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In the Cut

Screen Gems // R // October 31, 2003
List Price: Unknown

Review by Megan Denny | posted October 29, 2003 | E-mail the Author
In the Cut

I have just about had it with these arthouse films starring A-list actors that are more fartsy than artsy. Just because an actress dies her hair brown and shows her breasts does not make her able to handle a complex role. It didn't work for Nicole in Human Stain and it doesn't work for Meg Ryan in In the Cut.

I don't have a problem with brown hair or breasts (I love foreign film which happens to have both of these items in spades). Nor do I have a problem with Nicole Kidman or Meg Ryan. What I do have a problem with is the idea that filmmakers are under the impression that we as audience members will be so titillated by the shot of boobies that we lose our ability to know a crap film when we see one.

In the Cut was so bad that, had I not been a professional film reviewer, I would have walked out. It's as though Campion was drunk when she wrote the script and high when she directed the film.

Meg Ryan's character, a high school English teacher named Frannie, begins an affair with a police detective who is investigating a series of brutal murders. The first murder has taken place in Frannie's New York apartment building; and the victim, a young woman, was raped and beheaded. Even though Frannie suspects this detective might actually be the murderer, she decides to stay with him because the sex is really great and, I guess we're supposed to believe that's reason enough. We're also supposed to believe a woman can be seduced by ridiculous lines like, "I'll be whatever you want me to be. The only thing I won't do is beat you up." Actor Mark Ruffalo's delivery of these lines only adds to the absurdity.

Between the bad writing and Meg Ryan's detached performance, In The Cut is flat, pointless, and un-watchable. Frannie makes one illogical decision after the next and seems to have no goals, aspirations or interests. The audience has no reason to care about what happens to her. It horrifies me to think that anyone one will watch this film and get the impression that Frannie is somehow representative of womankind or that any woman watching this film identifies with her.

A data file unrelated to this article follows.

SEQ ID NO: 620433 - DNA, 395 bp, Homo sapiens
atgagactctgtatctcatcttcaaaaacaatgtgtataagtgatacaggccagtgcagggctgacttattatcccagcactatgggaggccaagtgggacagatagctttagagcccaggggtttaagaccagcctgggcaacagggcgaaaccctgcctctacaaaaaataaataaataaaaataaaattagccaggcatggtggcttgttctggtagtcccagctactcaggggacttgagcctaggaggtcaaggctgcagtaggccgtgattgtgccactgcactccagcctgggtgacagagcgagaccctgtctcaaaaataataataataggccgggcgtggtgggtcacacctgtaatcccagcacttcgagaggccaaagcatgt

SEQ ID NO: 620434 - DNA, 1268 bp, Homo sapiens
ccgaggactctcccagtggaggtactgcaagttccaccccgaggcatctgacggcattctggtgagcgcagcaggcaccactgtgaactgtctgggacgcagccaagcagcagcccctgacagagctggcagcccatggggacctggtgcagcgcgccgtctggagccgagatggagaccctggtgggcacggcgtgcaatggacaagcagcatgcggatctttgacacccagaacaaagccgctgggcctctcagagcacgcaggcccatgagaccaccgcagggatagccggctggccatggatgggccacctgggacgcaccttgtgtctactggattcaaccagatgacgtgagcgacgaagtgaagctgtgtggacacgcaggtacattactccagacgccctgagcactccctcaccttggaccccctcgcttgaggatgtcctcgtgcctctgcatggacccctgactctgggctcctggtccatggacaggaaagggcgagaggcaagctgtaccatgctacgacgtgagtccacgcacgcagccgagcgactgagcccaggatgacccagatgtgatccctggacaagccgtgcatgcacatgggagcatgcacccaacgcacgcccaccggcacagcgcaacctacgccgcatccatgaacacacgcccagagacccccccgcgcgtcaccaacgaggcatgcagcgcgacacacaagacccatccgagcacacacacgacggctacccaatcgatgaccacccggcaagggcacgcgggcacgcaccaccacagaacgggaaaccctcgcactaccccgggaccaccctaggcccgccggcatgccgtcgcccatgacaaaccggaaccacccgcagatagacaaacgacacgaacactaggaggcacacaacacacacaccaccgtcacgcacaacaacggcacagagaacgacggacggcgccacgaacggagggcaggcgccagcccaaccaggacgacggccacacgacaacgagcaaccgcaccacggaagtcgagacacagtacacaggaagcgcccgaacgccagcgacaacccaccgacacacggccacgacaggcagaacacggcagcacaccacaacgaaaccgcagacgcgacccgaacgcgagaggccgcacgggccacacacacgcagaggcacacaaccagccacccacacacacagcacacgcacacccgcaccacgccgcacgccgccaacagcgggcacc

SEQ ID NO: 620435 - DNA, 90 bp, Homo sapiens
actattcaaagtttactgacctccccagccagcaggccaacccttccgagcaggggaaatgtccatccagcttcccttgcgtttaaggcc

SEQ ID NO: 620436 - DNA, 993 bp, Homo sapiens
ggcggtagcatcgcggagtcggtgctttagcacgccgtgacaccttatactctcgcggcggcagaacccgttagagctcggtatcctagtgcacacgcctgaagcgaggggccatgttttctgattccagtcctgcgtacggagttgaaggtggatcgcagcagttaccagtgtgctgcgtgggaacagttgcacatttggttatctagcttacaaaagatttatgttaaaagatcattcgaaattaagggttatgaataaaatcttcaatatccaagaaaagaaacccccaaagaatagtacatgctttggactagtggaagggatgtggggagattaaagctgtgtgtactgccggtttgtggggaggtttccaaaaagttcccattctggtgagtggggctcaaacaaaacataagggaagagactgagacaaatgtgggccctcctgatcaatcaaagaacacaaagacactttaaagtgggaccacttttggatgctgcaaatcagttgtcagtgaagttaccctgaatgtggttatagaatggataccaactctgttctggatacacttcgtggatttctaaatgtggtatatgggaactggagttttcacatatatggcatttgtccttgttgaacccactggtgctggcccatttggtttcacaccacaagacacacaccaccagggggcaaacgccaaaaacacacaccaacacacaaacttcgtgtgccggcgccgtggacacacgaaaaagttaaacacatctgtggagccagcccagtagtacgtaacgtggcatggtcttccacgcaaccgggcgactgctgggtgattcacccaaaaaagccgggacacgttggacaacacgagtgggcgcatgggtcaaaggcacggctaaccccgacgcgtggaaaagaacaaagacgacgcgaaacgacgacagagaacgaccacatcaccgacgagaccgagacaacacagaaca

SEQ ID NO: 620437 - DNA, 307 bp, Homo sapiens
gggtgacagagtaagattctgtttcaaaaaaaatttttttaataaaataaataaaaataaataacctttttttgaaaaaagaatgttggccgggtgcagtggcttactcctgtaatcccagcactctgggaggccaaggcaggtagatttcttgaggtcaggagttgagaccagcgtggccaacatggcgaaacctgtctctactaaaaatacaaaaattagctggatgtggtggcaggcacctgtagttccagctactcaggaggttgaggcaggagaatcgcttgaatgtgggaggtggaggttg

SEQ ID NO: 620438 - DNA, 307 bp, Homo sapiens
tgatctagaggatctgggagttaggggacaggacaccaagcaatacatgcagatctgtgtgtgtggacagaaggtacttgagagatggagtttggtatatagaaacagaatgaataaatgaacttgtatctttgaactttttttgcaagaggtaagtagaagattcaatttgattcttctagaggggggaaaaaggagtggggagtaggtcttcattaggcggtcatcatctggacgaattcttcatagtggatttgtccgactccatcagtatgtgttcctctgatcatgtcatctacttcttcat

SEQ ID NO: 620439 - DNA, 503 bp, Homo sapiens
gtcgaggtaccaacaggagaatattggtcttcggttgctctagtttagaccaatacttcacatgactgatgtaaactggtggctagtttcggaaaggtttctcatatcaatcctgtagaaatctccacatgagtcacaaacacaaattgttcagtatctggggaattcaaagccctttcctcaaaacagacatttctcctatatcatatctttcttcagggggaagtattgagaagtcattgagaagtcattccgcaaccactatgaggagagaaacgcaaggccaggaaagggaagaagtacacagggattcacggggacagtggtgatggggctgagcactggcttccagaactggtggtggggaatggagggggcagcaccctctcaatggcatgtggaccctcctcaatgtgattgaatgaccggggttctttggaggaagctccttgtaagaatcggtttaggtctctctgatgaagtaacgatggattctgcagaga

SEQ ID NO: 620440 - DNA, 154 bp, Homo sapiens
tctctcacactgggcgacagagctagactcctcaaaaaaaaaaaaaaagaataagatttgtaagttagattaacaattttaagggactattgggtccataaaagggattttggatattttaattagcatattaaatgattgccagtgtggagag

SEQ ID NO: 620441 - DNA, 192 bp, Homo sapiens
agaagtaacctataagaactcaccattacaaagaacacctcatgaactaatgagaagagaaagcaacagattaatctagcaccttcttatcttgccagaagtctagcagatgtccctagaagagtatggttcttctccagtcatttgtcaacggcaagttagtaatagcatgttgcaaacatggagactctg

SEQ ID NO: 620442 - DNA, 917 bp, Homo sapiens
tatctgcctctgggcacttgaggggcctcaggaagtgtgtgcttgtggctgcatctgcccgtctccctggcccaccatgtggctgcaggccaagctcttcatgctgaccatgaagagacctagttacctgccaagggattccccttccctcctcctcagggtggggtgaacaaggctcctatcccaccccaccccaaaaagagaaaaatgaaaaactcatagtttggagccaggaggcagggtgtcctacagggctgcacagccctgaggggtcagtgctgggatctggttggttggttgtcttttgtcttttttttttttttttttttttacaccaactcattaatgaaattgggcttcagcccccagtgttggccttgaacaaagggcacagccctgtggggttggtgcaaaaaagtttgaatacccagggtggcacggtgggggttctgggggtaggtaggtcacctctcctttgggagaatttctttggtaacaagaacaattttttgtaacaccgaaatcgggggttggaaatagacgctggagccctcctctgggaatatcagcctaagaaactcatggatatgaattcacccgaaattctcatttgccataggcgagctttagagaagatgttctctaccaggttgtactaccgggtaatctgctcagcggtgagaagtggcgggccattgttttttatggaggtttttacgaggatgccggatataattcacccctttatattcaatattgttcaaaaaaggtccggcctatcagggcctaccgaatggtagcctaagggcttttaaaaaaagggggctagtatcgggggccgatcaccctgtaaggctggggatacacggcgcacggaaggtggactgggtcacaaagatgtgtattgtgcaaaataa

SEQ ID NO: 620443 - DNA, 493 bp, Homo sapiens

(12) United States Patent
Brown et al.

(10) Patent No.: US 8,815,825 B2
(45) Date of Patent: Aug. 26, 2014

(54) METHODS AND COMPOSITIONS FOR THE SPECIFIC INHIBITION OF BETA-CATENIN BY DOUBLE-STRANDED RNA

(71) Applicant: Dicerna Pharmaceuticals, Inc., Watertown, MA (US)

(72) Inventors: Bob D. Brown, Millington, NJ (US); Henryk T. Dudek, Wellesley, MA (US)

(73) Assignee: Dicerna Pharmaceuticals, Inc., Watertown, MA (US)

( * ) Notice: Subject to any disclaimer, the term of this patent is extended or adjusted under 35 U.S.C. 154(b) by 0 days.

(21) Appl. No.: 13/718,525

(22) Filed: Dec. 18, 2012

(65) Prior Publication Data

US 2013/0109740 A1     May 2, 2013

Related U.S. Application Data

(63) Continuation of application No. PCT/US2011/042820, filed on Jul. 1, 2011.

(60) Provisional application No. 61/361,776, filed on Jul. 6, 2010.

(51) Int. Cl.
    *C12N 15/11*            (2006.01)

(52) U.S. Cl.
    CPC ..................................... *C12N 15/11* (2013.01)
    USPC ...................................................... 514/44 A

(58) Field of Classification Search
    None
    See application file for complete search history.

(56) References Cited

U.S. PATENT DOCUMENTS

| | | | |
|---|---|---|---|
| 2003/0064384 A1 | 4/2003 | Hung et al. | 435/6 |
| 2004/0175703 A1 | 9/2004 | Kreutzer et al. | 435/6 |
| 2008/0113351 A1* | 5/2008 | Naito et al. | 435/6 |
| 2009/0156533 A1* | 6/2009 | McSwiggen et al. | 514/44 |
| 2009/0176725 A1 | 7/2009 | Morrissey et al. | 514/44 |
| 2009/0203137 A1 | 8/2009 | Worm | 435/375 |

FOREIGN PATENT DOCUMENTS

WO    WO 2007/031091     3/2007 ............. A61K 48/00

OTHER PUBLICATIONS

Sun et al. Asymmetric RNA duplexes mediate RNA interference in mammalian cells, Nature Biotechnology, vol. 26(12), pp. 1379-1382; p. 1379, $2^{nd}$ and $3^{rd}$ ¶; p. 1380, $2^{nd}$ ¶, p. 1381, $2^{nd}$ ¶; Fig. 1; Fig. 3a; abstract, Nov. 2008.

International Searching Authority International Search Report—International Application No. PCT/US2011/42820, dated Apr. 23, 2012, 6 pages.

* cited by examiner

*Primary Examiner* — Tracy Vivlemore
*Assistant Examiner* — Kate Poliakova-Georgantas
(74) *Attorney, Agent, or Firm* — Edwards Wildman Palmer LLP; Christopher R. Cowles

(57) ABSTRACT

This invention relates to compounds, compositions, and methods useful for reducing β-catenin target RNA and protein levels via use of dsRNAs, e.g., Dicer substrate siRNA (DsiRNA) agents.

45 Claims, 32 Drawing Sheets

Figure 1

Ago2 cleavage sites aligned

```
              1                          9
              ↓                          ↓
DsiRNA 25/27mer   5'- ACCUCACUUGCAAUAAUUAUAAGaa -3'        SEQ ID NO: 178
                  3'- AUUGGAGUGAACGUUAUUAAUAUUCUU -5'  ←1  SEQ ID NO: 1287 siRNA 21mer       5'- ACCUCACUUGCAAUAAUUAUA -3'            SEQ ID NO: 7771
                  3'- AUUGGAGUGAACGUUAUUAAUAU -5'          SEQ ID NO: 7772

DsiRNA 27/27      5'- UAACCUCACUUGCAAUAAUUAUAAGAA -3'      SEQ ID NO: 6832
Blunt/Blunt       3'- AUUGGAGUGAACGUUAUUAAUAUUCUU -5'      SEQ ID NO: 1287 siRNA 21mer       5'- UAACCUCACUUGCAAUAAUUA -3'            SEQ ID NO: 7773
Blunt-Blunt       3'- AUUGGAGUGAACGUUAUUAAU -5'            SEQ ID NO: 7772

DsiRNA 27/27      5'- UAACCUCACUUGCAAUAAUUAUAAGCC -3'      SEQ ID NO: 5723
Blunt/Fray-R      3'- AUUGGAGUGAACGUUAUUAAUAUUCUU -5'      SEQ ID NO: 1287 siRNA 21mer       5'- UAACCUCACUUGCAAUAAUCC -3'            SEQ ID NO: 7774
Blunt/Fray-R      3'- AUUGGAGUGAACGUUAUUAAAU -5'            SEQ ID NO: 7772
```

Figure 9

If the audience could believe that Frannie was somehow using her relationship with the detective to find out who the real killer was, the film might have been halfway interesting. Instead the film is like a cheap novel you flip through at your mother in law's house stopping only to read the sex scenes and the ending. But with In the Cut there's no skipping to the good parts.

Campion lives up to her reputation for a unique cinematic style and takes some chances with the camera work of In the Cut. She utilizes some interesting angles when filming Meg Ryan, and does a fair job of creating a heavy and mysterious mood. Unfortunately, Campion fails to build any suspense. In addition, there are several striking but meaningless images such as: a bride and groom waiting in the subway and a shot of flower petals falling like snow. I imagine these moments are meant to evoke a fairytale quality, but they felt terribly out of place and I wondered when Stevie Nicks was going to appear.

In the Cut was based on a novel of the same name and the author, Susanna Moore, helped pen the script. If I were supreme empress of the world I would ban both of these women from ever making a film again and send Meg Ryan back to the land of romantic comedies from where she never should have strayed in the first place. It won't get me the two hours of my life back, but at least I'd take comfort in the thought they would never waste my time ever again.

-Megan A. Denny



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